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Decoder: The Ticket that Exploded – Pioneer Works, New York City

Source Text: William S. Burroughs

Directed & Conceived: Mallory Catlett

Reviewer: Adrienne Sowers

The pedigree behind Mallory Catlett’s Decoder: The Ticket that Exploded is vastly impressive. With support from Gibney Dance and Theatre Conspiracy, Stony Brook University, CultureHub, Playwrights Theatre Center, Mabou Mines, the Collapsable Hole, and the Watermill Center (via the National Endowment for the Arts), this is the second component of a trilogy set to premiere in 2020.

Based on the second novel of William S. Burrough’s Nova Trilogy, the work behind this experiential, postdramatic production is undeniably strong. The cacophony of media is deliberately overwhelming, but the execution of each component is faultless. Video by Keith Skretch and Simon Harding is sharp, disturbing, and powerfully disorienting. G. Lucas Crane’s live manipulation of sound and video is unfailingly specific, and he does it all while performing with the formidable Jim Findlay. The overall effect is dizzying and sinister, with moments of ironically comical bunch that balance the potentially oppressive nature of the piece.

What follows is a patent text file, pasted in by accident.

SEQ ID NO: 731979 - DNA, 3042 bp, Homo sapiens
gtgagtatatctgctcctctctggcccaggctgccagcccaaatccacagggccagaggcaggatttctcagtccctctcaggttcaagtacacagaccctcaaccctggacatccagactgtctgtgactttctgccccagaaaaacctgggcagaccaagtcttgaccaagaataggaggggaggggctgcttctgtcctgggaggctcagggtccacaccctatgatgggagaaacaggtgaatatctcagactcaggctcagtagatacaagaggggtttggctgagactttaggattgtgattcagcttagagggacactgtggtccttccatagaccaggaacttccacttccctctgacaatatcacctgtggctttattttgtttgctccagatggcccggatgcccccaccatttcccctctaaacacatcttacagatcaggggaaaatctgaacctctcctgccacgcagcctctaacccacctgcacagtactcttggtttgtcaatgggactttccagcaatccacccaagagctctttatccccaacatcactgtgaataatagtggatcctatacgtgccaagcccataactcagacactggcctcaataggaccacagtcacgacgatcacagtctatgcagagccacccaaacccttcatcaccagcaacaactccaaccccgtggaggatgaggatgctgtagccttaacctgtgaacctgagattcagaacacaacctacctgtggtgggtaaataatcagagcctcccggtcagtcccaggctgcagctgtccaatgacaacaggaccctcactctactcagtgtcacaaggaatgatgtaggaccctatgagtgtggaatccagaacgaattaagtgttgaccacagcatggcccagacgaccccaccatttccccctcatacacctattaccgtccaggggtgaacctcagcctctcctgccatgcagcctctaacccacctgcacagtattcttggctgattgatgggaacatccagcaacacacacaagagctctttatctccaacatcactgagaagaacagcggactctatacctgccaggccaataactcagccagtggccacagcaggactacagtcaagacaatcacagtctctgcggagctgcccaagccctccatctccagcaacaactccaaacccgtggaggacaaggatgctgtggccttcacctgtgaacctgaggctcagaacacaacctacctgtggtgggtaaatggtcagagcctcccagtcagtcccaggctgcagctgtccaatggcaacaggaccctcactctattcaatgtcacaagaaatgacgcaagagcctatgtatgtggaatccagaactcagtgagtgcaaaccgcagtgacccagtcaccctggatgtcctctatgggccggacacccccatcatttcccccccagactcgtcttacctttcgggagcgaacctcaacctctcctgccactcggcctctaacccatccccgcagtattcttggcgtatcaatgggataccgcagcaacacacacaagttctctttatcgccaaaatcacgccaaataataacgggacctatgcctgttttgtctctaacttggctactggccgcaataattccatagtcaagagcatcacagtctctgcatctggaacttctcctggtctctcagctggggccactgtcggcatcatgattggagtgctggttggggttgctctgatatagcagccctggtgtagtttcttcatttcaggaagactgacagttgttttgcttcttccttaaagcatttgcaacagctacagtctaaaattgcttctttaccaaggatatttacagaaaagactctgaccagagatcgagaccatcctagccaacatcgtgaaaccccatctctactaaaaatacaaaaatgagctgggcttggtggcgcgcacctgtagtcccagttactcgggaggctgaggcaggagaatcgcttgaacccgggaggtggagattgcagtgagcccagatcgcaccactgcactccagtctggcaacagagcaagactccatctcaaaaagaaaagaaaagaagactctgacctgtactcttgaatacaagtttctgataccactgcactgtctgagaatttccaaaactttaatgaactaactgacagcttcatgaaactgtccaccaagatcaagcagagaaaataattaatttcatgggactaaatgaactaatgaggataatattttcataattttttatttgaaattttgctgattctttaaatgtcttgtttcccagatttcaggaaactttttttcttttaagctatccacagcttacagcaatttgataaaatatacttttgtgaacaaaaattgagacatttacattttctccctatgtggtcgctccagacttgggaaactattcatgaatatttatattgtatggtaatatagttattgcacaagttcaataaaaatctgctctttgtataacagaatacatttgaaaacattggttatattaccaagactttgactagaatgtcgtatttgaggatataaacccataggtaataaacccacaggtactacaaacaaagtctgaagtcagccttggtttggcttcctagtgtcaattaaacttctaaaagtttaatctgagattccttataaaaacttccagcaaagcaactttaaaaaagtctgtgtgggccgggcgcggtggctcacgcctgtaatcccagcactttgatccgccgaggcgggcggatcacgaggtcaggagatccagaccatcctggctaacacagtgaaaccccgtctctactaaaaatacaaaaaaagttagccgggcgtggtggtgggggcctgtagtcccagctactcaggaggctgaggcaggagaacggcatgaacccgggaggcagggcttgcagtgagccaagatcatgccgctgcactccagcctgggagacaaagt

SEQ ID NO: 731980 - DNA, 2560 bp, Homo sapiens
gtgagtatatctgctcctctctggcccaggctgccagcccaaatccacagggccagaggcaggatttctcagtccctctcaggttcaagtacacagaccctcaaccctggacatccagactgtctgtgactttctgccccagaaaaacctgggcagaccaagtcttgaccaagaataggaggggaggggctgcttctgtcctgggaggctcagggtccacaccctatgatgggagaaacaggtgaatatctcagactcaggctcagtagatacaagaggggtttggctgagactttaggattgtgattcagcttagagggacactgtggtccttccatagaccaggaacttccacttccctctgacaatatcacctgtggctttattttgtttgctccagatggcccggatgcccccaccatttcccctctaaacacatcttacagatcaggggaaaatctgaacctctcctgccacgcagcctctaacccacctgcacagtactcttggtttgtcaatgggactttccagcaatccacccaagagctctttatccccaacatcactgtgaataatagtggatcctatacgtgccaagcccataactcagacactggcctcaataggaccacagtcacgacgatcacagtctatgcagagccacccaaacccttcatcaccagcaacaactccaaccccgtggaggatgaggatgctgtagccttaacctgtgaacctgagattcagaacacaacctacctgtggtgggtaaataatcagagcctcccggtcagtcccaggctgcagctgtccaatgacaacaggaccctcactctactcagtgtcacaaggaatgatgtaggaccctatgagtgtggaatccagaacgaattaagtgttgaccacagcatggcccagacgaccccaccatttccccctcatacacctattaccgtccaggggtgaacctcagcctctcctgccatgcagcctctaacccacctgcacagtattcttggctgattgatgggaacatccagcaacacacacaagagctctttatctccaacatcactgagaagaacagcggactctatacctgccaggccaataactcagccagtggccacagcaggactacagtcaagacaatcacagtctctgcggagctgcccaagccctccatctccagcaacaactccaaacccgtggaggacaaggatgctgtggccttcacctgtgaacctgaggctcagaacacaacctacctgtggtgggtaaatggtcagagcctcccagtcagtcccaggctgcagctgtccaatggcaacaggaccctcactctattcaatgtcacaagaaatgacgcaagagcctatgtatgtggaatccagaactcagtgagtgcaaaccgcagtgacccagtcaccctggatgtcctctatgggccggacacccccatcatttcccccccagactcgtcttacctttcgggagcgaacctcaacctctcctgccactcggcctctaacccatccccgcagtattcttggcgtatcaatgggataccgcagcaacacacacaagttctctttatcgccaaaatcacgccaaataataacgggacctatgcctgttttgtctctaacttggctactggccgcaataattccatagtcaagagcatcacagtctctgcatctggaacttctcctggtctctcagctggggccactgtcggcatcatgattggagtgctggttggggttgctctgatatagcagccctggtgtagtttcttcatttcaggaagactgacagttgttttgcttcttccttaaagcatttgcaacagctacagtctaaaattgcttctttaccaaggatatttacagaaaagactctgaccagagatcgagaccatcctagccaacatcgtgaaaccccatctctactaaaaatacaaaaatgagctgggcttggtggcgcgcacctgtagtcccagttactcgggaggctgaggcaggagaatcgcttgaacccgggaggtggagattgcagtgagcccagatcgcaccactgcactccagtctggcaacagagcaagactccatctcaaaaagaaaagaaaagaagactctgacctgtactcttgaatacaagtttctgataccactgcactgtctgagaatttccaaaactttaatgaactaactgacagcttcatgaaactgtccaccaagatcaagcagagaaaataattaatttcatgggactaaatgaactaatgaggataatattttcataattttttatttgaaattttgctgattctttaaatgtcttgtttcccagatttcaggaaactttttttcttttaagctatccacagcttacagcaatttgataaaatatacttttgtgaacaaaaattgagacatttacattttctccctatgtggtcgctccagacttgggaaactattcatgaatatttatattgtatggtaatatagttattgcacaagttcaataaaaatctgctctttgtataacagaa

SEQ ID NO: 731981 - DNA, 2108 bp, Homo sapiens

One word of caution when approaching this play: this reviewer saw the production having never read anything by Burroughs, and had a very different experience than her companion who was very knowledgeable of the author’s works. To someone unfamiliar with the fever dream-style writing of Burroughs, this production can feel like an hour of technical reverie and deafening noise salad; undeniably well-executed but with a frustrating dearth of footholds. But for the viewer knowledgeable of Burroughs’ works, it is an accurate and visceral representation of the esoterica non-narrative style for which the author is known and brings to vibrant life the nonlinear musings and psycho/social/political commentary that the author infuses throughout his work.

The creative team behind Decoder: The Ticket that Exploded is undeniably skilled, and the support behind this production speaks for itself. For fans of William S. Burroughs’ writing, it is an experiential treat and a new way to approach daunting text. For those less familiar with the writing, it is an immersion in the ethereal and should be approached with no intention of tracing any tangible narrative. It is a singular experience that occurred on a single night, but audiences will look forward to its resurrection as part of the entire Nova Trilogy in 2020.

Reviewed on July 8, 2019 | Photo Credit: Maria Baranova

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Deliciously Disorienting

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